Brewery Parkade, Cranston: From I-95 to Route 10. Heading north, take the Cranston Street/Niantic Avenue exit. Take a left at bottom of the exit onto Niantic Avenue. Turn left onto Cranston Street, then turn left onto Garfield Avenue and turn into the Brewery Parkade development. There is a parking area behind the Lowe's home improvement store.
Heading south on Route 10, take the Cranston Street exit. Take a left onto Garfield Ave. and continue to the Lowe's plaza.
All the photos are HERE
The GPS route is HERE
Distance: 28.45 mi
|Avg Speed:||9.0 mph|
|Avg Moving Speed:||10.3 mph|
|Max Speed:||15.9 mph|
The Washington Secondary Bike Path actually comprises four trails along an old Hartford, Providence, & Fishkill Railroad corridor. Together, the Cranston Bike Path, Warwick Bike Path, West Warwick Greenway and Coventry Greenway create 14.2 miles of paved trail.
It was a chilly start for this mid morning ride. I found this route on a map given to me by the friends of the East Bay Bike Path last week. It's around 30 miles round trip and it's a very interesting ride through some old mill towns of Rhode Island. These mills were built of local stone and all of them have fast moving rivers with man made waterfalls which I suppose were used for power as well as a disposal system for the mill waste. They were owned by men who immigrated from England for the most part which explains their resemblance to Castles of that country.
The first person I met was a man riding who had both knees replace. He said he was limited to around 30 miles on his bike, two or three times a week. He was a local and gave me some good info on the area. Sadly I didn't get a photo but decided after that to ask those I spoke to if they would agree to have their pictures taken. I met two woman who were a hoot, but made me wait to take their pictures till the were satisfied their hair was in place.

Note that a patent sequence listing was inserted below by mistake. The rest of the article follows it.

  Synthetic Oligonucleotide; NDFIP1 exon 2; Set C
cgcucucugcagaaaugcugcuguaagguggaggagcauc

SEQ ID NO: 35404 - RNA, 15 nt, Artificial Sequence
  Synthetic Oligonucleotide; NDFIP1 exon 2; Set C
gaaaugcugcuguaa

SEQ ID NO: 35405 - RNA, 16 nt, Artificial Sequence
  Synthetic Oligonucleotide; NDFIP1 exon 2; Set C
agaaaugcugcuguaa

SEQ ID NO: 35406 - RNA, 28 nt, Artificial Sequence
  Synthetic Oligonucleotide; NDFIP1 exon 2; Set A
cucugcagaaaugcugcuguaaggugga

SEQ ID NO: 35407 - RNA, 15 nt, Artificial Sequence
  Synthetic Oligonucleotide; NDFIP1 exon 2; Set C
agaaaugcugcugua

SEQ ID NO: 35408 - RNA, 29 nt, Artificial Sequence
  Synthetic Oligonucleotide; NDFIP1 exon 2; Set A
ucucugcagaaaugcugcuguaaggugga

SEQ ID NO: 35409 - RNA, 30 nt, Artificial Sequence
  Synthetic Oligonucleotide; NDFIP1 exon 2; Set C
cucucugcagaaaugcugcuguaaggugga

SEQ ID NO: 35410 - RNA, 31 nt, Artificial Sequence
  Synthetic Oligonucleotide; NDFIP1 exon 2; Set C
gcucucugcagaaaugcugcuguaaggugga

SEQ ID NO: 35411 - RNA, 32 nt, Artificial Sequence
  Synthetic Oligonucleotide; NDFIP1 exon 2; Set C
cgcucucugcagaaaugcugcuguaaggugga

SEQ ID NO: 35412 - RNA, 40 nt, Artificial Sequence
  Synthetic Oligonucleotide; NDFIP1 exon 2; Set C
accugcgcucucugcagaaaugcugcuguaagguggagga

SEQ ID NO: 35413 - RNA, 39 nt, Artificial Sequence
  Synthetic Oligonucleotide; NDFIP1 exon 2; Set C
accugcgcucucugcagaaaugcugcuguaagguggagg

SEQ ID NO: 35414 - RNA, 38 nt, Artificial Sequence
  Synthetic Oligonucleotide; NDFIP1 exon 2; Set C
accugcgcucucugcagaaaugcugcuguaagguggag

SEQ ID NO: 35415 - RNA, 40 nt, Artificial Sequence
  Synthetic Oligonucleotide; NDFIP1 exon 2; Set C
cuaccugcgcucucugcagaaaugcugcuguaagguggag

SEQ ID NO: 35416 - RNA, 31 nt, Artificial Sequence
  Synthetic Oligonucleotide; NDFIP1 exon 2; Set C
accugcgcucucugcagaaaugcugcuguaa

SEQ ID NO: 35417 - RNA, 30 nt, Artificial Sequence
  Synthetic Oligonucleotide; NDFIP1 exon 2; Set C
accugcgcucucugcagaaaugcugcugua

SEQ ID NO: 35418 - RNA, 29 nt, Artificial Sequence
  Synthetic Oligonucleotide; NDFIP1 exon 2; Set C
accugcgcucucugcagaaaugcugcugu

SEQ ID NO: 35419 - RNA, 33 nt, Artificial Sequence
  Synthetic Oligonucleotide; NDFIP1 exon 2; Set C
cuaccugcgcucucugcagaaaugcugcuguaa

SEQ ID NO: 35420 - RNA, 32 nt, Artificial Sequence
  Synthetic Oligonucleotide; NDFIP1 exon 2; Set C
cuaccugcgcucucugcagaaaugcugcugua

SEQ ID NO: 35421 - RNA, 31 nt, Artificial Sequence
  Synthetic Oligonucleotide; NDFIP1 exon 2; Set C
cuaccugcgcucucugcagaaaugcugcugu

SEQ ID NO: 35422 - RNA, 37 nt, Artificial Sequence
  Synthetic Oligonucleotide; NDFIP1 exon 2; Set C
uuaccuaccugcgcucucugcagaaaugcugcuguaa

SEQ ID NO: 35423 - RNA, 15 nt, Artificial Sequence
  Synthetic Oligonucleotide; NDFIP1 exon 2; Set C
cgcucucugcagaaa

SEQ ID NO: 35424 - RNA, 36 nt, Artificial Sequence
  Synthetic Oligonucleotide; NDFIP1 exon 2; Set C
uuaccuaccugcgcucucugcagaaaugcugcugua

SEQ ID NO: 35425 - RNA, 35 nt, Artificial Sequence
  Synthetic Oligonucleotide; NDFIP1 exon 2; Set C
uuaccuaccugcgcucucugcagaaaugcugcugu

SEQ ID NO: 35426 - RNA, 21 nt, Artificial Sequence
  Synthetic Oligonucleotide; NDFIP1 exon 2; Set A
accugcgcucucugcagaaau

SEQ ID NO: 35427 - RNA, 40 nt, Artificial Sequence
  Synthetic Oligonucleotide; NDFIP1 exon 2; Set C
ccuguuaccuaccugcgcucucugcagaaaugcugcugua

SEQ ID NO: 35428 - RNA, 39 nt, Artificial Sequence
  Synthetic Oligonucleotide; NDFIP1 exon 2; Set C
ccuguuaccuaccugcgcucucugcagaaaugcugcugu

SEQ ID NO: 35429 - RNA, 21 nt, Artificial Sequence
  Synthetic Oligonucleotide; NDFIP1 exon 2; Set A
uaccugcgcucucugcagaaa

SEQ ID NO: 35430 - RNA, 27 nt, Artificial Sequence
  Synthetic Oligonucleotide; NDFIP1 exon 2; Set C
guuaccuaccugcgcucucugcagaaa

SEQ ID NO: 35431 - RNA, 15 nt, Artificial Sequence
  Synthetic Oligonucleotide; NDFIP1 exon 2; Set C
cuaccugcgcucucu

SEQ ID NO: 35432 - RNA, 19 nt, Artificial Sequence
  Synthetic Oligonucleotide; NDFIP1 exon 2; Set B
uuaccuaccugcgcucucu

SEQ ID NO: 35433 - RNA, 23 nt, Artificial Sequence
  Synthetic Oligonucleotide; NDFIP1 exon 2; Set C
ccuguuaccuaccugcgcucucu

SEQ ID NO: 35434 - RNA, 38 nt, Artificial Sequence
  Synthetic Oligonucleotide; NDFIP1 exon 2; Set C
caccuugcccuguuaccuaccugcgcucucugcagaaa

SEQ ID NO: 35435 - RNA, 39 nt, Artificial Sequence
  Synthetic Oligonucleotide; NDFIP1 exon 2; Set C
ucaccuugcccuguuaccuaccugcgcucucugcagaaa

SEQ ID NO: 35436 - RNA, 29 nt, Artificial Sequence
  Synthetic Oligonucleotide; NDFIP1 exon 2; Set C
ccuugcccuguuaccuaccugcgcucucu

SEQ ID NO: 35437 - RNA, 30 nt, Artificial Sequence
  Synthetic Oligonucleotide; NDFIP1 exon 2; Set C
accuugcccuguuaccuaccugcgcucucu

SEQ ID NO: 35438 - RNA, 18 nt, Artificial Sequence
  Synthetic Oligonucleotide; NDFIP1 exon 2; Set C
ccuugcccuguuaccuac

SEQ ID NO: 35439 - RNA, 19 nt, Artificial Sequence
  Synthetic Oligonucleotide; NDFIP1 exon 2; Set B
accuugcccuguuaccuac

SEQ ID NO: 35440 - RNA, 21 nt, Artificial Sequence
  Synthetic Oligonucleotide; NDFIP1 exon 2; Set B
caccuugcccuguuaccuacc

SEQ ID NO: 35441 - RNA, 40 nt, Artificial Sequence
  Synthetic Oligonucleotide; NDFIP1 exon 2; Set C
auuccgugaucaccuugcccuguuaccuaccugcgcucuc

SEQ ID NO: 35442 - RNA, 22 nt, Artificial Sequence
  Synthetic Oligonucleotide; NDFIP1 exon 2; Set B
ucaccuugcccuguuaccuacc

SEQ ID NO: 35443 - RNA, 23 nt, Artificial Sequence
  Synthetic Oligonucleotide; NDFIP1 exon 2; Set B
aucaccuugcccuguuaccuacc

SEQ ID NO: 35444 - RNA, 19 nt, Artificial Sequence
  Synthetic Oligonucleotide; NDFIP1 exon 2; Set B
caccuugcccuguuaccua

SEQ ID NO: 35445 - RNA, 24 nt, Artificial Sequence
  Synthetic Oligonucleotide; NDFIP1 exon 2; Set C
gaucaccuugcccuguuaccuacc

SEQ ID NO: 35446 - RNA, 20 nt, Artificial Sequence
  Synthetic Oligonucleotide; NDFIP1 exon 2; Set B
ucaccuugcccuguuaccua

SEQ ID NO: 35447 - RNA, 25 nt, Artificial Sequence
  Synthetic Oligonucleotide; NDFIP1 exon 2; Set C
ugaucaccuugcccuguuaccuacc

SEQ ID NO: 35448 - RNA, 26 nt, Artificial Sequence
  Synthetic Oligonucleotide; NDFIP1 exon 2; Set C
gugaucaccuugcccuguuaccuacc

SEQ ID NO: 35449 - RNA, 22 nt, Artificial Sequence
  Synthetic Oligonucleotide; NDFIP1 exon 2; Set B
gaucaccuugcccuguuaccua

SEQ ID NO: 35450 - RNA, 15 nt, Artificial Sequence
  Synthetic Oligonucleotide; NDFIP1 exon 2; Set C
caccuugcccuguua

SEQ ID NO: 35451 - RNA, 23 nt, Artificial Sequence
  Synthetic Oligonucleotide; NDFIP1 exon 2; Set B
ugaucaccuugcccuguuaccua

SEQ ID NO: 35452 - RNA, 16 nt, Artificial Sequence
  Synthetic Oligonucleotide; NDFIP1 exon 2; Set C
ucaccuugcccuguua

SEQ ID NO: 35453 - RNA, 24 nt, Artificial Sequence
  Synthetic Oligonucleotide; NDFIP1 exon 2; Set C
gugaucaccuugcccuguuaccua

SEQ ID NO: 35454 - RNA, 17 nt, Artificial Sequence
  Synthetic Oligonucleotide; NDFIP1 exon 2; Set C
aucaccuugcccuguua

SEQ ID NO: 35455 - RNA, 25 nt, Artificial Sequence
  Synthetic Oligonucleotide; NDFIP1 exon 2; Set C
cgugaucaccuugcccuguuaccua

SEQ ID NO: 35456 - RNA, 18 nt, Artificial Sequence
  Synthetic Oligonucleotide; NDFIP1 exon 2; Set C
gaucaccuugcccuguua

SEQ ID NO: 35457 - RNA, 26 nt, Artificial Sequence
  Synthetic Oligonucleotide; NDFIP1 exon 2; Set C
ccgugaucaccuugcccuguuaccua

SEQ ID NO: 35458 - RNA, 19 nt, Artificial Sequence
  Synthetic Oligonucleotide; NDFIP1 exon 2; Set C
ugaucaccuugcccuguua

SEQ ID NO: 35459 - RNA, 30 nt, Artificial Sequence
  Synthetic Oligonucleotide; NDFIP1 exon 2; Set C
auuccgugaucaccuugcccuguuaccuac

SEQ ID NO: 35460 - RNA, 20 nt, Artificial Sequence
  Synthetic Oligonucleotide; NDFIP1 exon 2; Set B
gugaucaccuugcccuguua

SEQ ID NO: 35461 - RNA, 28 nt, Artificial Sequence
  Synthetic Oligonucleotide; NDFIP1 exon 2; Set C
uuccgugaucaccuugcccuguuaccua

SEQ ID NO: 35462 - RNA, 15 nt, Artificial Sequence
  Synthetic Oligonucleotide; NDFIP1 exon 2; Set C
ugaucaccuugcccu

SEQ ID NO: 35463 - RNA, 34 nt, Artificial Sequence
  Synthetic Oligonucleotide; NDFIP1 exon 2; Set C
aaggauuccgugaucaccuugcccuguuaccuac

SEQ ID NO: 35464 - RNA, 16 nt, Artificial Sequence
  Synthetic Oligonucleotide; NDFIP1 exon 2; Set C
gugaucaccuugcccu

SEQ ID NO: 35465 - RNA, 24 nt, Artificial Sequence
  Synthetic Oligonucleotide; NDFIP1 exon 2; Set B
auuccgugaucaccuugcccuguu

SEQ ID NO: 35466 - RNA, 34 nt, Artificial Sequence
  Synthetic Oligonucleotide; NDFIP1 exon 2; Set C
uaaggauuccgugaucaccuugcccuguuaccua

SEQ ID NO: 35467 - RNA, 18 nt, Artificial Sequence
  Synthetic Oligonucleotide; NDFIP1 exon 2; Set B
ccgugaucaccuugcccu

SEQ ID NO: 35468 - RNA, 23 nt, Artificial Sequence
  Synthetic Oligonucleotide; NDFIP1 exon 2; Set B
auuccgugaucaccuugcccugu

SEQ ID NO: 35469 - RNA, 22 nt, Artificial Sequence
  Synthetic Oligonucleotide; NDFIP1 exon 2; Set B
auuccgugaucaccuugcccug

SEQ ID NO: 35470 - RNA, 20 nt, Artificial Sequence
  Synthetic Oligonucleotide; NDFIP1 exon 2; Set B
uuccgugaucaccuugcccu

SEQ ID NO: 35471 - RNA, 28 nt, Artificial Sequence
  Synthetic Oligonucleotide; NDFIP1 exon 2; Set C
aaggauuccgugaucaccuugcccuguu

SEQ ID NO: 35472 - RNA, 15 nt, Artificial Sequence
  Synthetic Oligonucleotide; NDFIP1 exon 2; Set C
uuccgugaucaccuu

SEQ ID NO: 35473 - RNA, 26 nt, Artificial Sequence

Next I met the Coventry town worker who was responsible for keeping the path maintained. He was just finishing up clearing the leaves and as you can see in the two photos, one would be hard pressed to find a leaf on his bike path.
I was told by the locals that the path was being extended and would eventually make it's way to Connecticut. Soon enough the closed sign appeared. The path looked in good shape, there were no workers in sight, but there was a man and his dog up ahead walking the closed section. He said it was probably OK to keep riding and confirmed that the best parts lay ahead. Soon after I left them a town cop pulled up along side and I prepared to be chastised. The officer was very friendly and asked if I had seen a suspicious character on the path. I hadn't, and was relieved he made no mention of the path being closed. Actually he warned me about some of the hazards of the construction up ahead and wished me a good ride.
Kada and her human friend Sebastian
This is a beautiful path in the fall which retains lots of the rail structures and some very beautiful views bursting with character, color and small town New England charm.